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Publication numberUS6785490 B2
Publication typeGrant
Application numberUS 10/158,144
Publication dateAug 31, 2004
Filing dateMay 31, 2002
Priority dateJun 1, 2001
Fee statusPaid
Also published asUS20020191982
Publication number10158144, 158144, US 6785490 B2, US 6785490B2, US-B2-6785490, US6785490 B2, US6785490B2
InventorsTakeo Tsukamoto, Osamu Satoh
Original AssigneeRicoh Company, Ltd.
Export CitationBiBTeX, EndNote, RefMan
External Links: USPTO, USPTO Assignment, Espacenet
Developer and image formation apparatus having developer
US 6785490 B2
Abstract
A developer includes a development roller which supplies a developing solution to a photosensitive body, transport screws which stir and transport the developing solution, and the like. A high heat conductivity member which serves as a partition is provided between the transport screws, and a radiator which is led to an outside of the developer and which includes a plurality of radiation fins is constituted in an upper portion of the developer. To increase a heat receiving area for receiving heat from the developing solution, a second high heat conductivity member which is formed out of a graphite sheet is bonded to an inner wall surface of a lower casing, and the second high heat conductivity member contacts with the high heat conductivity member.
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Claims(33)
What is claimed is:
1. A developer comprising:
a carrier which supplies a developing material to an image carrier, wherein the developing material is contained in a casing;
a heat conductivity member having a first portion and a second portion, the first portion being located inside of the developer and making a physical contact with the developing material, and the second portion being located outside of the developer, wherein heat generated around the first portion of the heat conductivity member is conducted to the second portion of the heat conductivity member; and
a radiator disposed on the second portion of the heat conductivity member, wherein the radiator radiates the heat conducted to the second portion of the heat conductivity member to the outside of the developer.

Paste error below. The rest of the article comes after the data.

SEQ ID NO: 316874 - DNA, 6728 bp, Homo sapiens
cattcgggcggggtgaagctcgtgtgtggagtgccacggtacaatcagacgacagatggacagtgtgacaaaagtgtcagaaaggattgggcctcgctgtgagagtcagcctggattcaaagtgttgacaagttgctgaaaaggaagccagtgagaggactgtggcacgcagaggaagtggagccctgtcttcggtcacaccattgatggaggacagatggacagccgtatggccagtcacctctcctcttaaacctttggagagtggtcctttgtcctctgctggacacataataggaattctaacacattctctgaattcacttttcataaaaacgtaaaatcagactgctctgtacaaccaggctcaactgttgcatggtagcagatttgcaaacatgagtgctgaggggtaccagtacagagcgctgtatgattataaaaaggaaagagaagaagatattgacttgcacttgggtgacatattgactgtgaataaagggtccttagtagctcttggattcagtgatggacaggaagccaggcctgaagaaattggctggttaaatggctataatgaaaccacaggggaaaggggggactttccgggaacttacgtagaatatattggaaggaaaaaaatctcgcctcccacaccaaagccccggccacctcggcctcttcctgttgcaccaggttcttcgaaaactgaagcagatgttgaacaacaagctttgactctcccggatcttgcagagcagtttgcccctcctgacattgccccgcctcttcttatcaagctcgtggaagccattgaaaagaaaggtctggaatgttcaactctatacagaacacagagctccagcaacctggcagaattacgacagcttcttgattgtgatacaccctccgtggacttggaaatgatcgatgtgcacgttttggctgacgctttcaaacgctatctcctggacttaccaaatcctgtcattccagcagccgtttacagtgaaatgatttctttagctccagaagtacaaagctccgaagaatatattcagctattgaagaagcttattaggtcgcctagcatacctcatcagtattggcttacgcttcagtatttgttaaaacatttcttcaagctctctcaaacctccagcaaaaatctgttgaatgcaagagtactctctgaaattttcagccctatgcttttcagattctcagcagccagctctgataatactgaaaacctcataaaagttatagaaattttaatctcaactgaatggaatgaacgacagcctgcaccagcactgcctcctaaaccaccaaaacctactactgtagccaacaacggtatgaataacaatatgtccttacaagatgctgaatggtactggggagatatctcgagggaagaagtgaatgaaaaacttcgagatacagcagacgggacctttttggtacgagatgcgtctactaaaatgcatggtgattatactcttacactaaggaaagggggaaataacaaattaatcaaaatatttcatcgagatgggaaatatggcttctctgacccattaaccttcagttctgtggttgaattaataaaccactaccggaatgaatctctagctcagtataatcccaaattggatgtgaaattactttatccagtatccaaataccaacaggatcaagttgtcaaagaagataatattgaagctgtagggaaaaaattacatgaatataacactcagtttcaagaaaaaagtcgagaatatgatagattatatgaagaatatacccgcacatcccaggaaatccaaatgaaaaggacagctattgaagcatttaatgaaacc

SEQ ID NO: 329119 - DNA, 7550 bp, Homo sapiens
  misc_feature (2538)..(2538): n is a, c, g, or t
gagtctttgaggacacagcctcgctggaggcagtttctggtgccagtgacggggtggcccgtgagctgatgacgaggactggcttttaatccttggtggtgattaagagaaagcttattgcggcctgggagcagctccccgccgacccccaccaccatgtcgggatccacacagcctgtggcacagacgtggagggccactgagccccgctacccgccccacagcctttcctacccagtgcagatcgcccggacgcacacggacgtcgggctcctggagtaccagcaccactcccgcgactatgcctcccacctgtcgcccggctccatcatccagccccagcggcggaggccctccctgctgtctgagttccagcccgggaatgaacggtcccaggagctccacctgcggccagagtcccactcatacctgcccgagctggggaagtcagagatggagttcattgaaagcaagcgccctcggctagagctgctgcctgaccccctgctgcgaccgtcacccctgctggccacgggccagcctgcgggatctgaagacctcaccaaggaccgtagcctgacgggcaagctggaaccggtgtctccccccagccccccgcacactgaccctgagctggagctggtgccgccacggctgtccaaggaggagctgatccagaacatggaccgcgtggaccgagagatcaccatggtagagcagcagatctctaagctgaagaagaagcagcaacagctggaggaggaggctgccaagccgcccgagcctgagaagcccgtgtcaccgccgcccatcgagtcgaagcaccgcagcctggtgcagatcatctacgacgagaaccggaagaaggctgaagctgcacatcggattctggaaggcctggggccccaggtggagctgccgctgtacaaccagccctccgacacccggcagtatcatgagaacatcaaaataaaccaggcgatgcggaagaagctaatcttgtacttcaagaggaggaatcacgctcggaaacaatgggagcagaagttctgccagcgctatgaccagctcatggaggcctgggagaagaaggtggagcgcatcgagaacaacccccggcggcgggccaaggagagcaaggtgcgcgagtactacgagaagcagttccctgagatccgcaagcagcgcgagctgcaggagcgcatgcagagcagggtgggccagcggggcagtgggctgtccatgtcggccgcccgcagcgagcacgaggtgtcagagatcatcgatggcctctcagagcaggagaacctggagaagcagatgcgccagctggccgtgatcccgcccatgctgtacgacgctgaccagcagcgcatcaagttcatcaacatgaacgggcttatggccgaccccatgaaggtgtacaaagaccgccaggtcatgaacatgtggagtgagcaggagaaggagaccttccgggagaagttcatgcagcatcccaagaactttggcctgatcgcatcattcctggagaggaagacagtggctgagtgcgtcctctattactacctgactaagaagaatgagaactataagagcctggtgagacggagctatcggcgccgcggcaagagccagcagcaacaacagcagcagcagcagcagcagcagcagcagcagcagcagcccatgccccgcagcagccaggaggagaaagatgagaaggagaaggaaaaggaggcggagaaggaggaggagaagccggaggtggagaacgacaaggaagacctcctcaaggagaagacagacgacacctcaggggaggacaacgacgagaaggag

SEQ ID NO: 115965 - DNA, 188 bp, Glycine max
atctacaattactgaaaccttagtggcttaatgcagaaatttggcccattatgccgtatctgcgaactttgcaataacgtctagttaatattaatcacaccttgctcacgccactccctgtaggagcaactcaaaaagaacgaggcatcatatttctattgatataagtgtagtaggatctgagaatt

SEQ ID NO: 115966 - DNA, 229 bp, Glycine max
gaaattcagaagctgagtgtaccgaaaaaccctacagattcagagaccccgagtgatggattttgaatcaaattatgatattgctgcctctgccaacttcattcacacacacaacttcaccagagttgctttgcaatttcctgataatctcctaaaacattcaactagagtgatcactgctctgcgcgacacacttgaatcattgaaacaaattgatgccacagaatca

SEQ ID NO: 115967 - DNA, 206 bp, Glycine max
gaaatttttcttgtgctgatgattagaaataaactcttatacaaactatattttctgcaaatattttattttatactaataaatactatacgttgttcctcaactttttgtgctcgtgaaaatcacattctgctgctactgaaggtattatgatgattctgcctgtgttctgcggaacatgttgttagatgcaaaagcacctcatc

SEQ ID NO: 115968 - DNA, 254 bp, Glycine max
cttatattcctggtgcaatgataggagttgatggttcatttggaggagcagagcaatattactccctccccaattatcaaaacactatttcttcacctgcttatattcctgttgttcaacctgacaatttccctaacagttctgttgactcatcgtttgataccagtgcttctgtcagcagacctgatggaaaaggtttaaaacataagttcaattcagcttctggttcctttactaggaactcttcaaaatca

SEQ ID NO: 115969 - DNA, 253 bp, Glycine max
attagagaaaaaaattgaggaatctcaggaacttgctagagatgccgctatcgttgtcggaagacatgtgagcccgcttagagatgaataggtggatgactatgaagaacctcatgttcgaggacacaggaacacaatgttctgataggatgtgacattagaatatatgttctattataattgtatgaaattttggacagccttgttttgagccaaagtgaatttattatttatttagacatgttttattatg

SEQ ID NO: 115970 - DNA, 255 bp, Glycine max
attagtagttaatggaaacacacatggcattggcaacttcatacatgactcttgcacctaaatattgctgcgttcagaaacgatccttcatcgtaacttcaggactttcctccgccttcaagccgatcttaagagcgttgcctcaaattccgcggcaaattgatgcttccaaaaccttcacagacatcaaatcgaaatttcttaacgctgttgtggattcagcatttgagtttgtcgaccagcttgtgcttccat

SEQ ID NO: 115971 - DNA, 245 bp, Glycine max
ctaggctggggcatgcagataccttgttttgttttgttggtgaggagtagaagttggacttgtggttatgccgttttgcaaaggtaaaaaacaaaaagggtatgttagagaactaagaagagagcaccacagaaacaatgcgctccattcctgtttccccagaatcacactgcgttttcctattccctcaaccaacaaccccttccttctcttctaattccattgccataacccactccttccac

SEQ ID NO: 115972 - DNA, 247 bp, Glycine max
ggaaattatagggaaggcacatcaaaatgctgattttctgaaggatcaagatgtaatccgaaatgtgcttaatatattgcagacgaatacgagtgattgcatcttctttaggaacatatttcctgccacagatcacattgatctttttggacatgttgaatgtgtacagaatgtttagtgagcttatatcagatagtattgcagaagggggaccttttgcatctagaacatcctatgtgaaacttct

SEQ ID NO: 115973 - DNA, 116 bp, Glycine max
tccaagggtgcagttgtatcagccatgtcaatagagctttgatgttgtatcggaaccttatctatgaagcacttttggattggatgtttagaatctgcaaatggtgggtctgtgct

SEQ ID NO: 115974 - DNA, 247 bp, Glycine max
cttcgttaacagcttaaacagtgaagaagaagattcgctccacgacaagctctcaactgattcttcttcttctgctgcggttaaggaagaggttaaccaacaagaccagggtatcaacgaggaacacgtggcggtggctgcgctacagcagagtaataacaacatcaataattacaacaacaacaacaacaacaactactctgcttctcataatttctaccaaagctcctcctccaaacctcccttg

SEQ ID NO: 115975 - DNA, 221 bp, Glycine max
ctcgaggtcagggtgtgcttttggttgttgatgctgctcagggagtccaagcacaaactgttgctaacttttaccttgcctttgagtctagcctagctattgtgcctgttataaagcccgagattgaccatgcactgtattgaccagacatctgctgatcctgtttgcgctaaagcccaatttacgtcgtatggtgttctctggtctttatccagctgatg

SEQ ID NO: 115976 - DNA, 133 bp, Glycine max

2. The developer according to claim 1, wherein the heat conductivity member forms a partition which enables circulating the developing material.
3. The developer according to claim 1, further comprising a developing material stirring and transporting unit which stirs and transports the developing material so that a liquid level of the developing material is directed toward the heat conductivity member.
4. The developer according to claim 1, wherein
the casing includes a lower casing which contains the developing material and an upper casing which covers an upper portion of the lower casing,
the heat conductivity member forms at least a part of the lower casing, and
an outside of the heat conductivity member is covered with a heat insulating member.
5. A developer comprising:
a carrier which supplies a developing material which is contained in a casing, to an image carrier;
a heat conductivity member which contacts with the developing material; and
a radiator which is formed by leading the heat conductivity member to an outside of the developer, wherein
the casing includes a lower casing which contains the developing material and an upper casing which covers an upper portion of the lower casing,
a developing material restriction member which restricts a thickness of the developing material on the carrier is provided on the upper casing side, and
the heat conductivity member is provided in the upper casing to be contactable to the developing material which is intercepted by the developing material restriction member.
6. The developer according to claim 5, wherein the heat conductivity member comprises a protrusion which moves the intercepted developing material in an axial direction of the carrier.
7. The developer according to claim 1, wherein the heat conductivity member is a plane heat pipe.
8. A developer comprising:
a carrier which supplies a developing material which is contained in a casing, to an image carrier;
a heat conductivity member which contacts with the developing material; and
a radiator which is formed by leading the heat conductivity member to an outside of the developer, wherein
a portion of an inner wall surface of the casing includes a second heat conductivity member, the portion contacting with the developing material, and the second heat conductivity member contacts with the first heat conductivity member.
9. The developer according to claim 8, wherein the second heat conductivity member includes a low friction material.
10. The developer according to claim 8, wherein the second heat conductivity member includes a material having anisotropy in heat conduction.
11. The developer according to claim 1, wherein a portion of the casing in contact with the developing material is made of synthetic resin, and has a hollow structure.